People who think they’ve had caffeine before a workout are more likely to train harder.
New research suggests tricking people into thinking they’ve been given caffeine before a workout will make them train harder.
A Coventry University professor has carried out a study showing the powerful ways in which the mind can force the body to work harder. A total 12 cyclists were asked to perform a series of trials to test the effects of caffeine, a well-known stimulant, on people who think they have taken it.
The trial respondents were split into four teams:
- Team One were told they would receiving caffeine and given caffeine
- Team Two were told they would receive a placebo and given placebo
- Team Three were told they would receive caffeine and given placebo
- Team Four were told they would receive placebo and given caffeine
The cyclists each drank 250ml of fluid containing artificial sweetener, before being given either caffeine or placebo before the 30 second trial. Results were measured on heart rate, power and lactic acid build up in the body – all of which is created during intense exercise.
- Team One’s sprint power was the highest
- Team Two had the lowest sprint power over all.
- Scores for Team Three and Team Four were exactly the same; in the mid-range.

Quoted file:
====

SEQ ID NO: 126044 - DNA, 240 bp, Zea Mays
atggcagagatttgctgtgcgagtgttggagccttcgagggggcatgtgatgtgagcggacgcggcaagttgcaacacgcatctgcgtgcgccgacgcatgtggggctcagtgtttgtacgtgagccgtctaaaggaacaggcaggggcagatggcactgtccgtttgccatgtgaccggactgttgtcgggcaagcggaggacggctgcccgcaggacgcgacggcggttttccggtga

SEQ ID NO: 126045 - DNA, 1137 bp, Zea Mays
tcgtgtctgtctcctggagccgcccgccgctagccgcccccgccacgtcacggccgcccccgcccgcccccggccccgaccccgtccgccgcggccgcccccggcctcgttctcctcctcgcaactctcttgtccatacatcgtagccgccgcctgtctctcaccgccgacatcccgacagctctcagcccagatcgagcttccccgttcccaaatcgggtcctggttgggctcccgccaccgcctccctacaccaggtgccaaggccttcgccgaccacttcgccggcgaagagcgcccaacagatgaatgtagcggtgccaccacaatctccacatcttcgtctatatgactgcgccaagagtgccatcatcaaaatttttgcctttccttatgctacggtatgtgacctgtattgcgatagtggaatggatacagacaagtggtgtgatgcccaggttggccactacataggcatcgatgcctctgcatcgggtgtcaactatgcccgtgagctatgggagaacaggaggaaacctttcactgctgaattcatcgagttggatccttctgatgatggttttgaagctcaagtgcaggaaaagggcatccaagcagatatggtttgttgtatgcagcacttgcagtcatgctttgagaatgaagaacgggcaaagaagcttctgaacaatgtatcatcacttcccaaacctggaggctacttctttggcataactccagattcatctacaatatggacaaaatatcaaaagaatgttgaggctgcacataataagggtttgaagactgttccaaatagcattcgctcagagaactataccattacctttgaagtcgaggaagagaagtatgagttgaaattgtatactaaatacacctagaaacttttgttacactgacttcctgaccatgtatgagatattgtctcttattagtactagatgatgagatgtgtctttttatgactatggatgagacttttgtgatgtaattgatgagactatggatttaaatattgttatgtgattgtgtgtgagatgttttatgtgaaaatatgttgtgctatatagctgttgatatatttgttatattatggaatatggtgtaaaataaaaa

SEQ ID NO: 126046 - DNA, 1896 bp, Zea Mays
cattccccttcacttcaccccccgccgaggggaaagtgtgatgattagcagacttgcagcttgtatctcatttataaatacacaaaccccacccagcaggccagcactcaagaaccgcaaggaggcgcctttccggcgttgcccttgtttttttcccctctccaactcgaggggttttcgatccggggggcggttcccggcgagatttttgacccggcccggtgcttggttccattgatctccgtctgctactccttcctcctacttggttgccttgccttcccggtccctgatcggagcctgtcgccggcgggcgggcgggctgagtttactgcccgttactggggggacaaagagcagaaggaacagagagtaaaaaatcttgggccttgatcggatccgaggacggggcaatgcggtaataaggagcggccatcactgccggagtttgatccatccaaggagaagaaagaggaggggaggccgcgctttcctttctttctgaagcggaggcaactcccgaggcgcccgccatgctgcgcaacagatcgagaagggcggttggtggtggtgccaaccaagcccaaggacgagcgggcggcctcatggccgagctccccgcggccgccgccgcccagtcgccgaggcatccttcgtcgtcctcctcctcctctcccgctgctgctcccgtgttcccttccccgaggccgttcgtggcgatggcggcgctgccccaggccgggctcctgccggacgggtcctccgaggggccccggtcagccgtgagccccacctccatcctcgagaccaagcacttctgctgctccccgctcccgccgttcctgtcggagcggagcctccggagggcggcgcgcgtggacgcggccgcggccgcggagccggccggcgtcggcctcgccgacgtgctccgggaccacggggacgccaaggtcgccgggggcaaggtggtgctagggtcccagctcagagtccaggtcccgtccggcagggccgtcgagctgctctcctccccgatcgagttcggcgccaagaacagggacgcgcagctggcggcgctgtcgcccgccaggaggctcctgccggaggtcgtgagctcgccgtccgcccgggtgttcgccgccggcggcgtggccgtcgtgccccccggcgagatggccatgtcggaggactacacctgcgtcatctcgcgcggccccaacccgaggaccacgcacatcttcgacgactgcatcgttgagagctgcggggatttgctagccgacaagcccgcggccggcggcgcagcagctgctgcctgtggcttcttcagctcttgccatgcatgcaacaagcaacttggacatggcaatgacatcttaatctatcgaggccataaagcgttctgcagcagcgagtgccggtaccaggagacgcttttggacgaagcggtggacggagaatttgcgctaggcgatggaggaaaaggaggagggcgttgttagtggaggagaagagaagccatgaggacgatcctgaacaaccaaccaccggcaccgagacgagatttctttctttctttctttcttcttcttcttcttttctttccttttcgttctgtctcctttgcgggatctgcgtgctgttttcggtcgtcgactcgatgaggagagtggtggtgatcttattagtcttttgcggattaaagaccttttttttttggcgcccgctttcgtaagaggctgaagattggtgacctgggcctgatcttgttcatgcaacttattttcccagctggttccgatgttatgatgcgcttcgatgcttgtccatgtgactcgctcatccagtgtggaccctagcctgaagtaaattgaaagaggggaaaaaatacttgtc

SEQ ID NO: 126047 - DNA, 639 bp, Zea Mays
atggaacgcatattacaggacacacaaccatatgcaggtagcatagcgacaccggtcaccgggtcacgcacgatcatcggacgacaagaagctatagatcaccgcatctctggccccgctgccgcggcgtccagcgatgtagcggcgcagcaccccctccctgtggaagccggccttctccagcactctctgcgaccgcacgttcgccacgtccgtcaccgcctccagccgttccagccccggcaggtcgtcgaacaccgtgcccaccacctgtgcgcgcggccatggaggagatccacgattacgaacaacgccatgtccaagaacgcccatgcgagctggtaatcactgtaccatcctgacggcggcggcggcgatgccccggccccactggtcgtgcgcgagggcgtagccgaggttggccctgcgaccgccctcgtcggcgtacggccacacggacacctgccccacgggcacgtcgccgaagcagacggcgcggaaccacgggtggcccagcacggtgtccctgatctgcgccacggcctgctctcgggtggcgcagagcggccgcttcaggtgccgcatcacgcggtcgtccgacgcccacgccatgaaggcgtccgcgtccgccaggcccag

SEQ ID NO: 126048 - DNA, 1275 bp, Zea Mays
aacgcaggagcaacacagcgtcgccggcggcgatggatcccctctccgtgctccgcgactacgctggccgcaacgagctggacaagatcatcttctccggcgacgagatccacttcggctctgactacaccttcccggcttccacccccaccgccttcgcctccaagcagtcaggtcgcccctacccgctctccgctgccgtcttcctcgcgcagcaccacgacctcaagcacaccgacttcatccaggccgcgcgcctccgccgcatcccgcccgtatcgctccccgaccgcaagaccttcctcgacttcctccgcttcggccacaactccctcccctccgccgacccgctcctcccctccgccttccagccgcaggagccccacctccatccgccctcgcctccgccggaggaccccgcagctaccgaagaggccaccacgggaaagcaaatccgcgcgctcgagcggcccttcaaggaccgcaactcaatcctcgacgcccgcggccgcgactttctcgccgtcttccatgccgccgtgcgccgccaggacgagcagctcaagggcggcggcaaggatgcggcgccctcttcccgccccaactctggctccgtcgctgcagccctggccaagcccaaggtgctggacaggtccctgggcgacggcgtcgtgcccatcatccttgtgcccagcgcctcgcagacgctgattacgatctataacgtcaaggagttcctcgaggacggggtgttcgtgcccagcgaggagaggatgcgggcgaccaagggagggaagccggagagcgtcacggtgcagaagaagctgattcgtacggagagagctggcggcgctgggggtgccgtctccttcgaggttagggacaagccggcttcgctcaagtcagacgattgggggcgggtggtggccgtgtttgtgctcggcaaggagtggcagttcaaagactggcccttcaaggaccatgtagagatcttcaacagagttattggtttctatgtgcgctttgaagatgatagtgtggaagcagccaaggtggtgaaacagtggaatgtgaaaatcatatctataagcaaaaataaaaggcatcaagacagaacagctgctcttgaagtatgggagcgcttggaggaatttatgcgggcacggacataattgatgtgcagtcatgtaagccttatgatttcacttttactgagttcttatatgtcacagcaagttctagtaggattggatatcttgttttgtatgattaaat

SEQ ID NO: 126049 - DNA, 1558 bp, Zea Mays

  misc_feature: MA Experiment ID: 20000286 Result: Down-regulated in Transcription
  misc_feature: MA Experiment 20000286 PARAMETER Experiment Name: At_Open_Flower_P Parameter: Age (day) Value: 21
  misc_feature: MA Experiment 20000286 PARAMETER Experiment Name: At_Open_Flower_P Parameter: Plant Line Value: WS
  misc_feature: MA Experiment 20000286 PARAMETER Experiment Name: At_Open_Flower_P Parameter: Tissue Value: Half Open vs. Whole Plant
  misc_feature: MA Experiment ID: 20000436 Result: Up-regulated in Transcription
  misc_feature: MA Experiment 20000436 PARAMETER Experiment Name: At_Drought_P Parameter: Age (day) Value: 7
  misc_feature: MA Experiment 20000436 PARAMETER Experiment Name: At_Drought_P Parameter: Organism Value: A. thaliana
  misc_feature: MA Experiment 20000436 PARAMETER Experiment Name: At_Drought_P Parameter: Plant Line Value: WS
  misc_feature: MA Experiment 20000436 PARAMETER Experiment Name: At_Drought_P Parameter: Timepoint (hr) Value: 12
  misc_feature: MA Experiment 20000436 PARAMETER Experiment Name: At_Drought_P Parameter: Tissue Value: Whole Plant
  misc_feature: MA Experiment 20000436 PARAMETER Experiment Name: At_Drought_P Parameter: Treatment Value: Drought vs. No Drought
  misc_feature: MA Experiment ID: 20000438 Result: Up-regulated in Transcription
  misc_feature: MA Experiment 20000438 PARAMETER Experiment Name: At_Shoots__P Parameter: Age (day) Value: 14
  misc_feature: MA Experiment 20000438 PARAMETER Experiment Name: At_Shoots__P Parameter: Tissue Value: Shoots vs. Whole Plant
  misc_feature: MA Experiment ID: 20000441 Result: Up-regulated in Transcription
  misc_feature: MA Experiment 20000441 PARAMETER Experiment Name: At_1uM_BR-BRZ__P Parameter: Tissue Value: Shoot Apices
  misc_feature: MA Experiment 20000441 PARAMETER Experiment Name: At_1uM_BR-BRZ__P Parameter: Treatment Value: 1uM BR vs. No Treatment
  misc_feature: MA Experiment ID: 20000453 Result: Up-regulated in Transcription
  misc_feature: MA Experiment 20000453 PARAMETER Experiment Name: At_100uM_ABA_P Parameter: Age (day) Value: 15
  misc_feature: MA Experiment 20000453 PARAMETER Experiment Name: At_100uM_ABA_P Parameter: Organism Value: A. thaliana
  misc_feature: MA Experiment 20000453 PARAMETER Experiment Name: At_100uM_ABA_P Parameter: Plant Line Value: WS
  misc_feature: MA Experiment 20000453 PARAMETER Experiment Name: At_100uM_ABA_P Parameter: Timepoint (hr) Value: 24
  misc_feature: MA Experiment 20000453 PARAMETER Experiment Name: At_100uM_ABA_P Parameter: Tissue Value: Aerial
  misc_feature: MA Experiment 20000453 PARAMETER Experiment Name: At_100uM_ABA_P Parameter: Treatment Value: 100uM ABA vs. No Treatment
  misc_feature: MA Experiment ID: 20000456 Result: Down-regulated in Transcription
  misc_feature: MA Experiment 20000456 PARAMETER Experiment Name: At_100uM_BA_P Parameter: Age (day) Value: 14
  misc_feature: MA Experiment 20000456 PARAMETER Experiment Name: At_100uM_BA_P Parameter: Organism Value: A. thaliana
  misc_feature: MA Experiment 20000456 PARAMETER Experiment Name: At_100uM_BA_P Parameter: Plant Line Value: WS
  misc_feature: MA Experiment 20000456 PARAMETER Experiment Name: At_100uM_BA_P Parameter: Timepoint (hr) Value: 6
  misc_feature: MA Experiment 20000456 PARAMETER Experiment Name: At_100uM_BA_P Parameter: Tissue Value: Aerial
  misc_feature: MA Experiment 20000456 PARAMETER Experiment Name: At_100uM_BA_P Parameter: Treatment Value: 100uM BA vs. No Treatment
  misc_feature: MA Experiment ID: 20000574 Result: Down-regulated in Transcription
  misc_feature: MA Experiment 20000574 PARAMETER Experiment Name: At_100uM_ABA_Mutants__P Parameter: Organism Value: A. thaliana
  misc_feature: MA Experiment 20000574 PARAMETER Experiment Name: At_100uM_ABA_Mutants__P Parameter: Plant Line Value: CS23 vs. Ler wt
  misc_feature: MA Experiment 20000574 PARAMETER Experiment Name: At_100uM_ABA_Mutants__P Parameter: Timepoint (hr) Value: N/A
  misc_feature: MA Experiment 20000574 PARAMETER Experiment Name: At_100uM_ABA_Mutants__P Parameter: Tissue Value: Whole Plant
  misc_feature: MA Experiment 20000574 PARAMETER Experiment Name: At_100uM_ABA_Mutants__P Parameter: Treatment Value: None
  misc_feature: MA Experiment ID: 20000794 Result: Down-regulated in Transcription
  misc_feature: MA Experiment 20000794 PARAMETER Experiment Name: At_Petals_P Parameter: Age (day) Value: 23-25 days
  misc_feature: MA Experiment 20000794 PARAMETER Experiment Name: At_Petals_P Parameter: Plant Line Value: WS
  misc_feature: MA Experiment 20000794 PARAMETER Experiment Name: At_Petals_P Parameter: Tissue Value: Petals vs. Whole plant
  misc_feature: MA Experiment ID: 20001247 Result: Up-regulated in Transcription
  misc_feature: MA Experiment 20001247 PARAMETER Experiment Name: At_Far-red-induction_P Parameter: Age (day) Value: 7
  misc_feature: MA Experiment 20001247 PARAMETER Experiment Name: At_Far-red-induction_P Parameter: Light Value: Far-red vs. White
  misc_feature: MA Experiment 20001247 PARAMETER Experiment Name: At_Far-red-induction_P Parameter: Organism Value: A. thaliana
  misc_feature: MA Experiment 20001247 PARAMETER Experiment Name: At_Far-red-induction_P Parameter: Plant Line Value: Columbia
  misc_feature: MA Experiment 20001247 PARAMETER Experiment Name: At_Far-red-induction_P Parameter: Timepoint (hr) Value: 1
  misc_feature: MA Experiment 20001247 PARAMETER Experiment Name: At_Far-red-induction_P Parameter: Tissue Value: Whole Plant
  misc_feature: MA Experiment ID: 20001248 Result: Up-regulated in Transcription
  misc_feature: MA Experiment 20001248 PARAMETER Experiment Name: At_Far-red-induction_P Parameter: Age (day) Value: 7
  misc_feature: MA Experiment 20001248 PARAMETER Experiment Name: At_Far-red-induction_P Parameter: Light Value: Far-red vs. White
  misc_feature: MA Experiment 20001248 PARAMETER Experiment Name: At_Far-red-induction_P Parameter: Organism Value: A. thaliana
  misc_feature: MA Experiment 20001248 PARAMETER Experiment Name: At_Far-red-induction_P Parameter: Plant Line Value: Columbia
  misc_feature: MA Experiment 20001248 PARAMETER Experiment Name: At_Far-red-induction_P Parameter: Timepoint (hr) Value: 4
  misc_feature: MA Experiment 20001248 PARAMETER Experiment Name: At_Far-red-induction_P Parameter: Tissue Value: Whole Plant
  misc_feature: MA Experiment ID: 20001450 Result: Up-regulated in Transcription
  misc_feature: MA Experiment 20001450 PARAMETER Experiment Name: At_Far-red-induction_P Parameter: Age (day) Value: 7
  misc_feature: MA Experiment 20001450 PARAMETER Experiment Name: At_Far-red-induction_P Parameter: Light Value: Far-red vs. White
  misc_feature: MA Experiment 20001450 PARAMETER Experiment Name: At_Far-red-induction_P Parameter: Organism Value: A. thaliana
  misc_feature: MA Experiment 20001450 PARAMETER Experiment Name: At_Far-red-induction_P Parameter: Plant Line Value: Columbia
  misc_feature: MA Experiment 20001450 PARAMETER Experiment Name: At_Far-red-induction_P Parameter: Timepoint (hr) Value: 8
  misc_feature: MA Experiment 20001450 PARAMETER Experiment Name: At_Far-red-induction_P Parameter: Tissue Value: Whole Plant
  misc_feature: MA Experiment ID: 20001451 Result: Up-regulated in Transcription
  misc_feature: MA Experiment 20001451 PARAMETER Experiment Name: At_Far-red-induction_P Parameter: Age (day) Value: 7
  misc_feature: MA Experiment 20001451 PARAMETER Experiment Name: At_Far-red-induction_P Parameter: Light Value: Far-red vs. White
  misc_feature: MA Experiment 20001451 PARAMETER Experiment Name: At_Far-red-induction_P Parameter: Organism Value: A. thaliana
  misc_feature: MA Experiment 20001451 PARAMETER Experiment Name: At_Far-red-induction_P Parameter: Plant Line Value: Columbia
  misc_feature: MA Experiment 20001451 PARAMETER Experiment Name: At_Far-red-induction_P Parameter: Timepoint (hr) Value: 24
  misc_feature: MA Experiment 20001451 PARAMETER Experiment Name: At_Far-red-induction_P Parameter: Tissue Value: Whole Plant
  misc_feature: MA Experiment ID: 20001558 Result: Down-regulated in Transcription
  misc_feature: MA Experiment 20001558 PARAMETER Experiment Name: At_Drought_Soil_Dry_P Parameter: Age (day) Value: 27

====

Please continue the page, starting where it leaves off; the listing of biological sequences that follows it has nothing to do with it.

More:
"We found there's a psychological mechanism whereby the person will react depending on what they think they've ingested, rather than what they've actually had," Michael Duncan, a senior lecturer in applied sports science, told the British Association of Sport and Exercise Sciences Conference on Sunday.
"The highest power output was when we told them they were having caffeine and we gave it to them.
"Then, at the other end of the scale, their performance dropped quite low when we gave them nothing and told them they had ingested nothing.
Mr Duncan said the research showed a self-fulfilling prophecy.
“They believe they don't have an advantage and so they perform worse.”
"When we told them they were having caffeine but they had something like orange squash, they performed better,” he said.
"Essentially, the trick in terms of athletes or even normal gym-goers is if you can convince them that some kind of substance is going to have a positive effect, it will have that effect."
source: newshub archive